Prior to 2008, both magic truffles and magic mushrooms were legal in the Netherlands, with mushrooms greatly outweighing truffles in terms of popularity. But in 2008, the Dutch government criminalized psilocybin mushrooms following the death of a French teenager the previous year, who jumped from a bridge in Amsterdam after consuming the psychedelic. However, it’s important to note that experts consider psilocybin to be among the safest psychoactive substances. A 2017 Global Drug Survey report found psilocybin sends fewer people to the emergency room than cannabis, alcohol, amphetamines, cocaine, methamphetamines, LSD, or MDMA.
Since the ban on psilocybin mushrooms came into effect twelve years ago, the popularity of magic truffles has exploded. Truffles are now widely available in smart shops across the Netherlands, or online from a number of websites. Nurturing this spike in popularity is a wave of scientific research suggesting psilocybin has great potential to help treat a number of mental health issues, including depression, obsessive-compulsive disorder, addiction, and end-of-life psychological distress. At the same time, grassroots decriminalization campaigns have tallied significant wins in both the United States and Canada.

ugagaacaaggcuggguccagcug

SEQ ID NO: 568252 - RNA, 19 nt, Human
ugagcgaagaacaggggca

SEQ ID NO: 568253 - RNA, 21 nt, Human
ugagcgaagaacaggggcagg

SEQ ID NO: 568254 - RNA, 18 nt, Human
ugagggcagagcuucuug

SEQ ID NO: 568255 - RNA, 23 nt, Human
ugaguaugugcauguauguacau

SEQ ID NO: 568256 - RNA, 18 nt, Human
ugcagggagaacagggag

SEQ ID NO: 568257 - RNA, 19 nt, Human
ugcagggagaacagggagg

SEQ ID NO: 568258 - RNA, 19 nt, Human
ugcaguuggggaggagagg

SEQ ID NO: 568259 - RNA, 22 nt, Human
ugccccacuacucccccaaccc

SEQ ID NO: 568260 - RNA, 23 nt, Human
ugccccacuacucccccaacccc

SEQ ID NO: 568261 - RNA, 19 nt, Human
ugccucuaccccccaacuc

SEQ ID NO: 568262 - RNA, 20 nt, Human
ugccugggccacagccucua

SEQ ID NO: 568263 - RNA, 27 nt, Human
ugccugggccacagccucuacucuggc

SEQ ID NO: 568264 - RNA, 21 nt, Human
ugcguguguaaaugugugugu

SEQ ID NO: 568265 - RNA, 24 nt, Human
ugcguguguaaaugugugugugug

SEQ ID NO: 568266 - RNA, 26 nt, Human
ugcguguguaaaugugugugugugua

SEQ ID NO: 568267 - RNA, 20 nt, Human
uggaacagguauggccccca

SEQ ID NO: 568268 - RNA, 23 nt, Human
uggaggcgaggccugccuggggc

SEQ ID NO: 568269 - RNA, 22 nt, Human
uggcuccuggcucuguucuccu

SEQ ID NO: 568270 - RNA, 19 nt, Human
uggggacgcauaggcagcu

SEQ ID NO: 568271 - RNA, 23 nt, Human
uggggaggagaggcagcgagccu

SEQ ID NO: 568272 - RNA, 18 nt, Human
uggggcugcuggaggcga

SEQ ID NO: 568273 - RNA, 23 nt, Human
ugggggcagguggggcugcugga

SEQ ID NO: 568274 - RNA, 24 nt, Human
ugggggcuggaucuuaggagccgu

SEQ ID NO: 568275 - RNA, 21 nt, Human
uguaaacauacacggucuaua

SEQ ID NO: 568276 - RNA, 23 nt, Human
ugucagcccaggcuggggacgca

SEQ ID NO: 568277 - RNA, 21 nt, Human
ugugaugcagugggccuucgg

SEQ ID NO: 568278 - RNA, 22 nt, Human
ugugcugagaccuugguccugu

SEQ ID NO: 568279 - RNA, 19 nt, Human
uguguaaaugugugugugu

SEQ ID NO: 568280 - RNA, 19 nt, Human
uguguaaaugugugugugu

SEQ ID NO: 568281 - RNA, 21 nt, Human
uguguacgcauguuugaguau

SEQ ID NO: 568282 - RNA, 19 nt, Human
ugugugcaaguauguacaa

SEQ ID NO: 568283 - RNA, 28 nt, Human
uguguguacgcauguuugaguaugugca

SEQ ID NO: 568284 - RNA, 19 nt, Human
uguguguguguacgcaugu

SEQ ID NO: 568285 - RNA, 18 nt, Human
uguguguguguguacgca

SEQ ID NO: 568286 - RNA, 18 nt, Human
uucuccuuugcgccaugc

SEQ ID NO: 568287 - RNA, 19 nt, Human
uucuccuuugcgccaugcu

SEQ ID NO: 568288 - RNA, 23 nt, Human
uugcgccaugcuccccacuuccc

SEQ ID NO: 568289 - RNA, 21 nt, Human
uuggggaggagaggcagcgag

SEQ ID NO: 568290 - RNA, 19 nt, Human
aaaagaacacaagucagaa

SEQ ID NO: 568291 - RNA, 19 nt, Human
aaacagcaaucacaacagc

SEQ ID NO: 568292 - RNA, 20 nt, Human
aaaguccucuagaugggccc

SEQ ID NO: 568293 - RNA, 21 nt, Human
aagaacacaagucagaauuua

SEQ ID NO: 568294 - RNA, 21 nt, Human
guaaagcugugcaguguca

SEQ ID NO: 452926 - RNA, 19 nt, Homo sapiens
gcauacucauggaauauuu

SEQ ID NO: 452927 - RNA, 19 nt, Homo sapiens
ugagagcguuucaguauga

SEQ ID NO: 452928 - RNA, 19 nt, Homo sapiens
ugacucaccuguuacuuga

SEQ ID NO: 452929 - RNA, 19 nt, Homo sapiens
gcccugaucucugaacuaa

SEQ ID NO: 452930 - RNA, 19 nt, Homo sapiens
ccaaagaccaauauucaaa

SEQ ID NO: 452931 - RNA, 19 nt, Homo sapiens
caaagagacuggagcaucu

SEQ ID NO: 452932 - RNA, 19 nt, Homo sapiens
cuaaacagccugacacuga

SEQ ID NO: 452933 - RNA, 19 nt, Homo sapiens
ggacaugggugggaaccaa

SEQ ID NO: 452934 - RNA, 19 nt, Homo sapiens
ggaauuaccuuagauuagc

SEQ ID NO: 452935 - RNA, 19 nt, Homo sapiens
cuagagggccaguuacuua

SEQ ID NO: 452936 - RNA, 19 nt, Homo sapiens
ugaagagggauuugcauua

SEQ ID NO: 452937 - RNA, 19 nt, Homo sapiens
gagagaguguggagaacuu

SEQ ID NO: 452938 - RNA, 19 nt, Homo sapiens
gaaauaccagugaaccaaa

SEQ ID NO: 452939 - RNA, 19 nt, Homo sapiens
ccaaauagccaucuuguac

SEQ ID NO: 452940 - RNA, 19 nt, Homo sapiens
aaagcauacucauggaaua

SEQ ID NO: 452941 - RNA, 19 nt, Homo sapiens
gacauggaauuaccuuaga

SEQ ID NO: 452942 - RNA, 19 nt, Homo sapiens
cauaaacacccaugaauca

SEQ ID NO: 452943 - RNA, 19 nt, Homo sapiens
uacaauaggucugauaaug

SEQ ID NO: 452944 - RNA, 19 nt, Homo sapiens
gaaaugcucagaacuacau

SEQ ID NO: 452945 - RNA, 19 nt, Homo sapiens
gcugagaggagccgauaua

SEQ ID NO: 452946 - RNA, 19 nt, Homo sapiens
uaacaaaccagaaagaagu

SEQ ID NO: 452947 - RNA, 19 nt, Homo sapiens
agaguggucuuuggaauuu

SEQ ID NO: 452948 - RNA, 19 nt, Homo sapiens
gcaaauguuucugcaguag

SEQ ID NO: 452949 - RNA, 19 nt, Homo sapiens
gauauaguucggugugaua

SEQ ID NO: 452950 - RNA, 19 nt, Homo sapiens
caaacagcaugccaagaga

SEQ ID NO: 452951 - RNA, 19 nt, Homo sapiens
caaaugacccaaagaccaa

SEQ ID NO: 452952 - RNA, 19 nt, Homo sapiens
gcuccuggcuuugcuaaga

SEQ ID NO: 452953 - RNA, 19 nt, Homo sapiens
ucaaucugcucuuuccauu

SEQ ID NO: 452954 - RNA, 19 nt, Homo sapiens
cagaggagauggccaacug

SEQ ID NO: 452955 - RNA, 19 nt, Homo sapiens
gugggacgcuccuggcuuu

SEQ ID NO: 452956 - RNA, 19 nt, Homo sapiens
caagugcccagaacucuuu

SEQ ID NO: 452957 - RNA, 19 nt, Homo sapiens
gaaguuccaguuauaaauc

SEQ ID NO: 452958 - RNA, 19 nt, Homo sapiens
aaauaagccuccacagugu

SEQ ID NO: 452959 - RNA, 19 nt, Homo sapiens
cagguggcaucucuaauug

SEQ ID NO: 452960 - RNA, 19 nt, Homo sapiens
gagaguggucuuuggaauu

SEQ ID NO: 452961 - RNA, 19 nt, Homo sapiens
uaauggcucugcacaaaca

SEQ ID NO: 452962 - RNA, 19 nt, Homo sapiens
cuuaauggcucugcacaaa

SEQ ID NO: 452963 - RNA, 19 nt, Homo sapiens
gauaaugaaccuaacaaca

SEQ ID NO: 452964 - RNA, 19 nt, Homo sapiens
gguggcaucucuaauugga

The Roots of Red Light Holland
Red Light Holland co-founder and CEO Shapiro’s path toward the world of psychedelics goes all the way back to his previous career in the news and media industry. As a radio host for about 20 years with both Sirius XM and Toronto’s 102.1 The Edge, Shapiro says a common theme from the people he was speaking with were struggles with anxiety and depression. Shapiro remembers deciding to take a deep dive into the world of mental health, and finding psilocybin repeatedly popping up on his radar.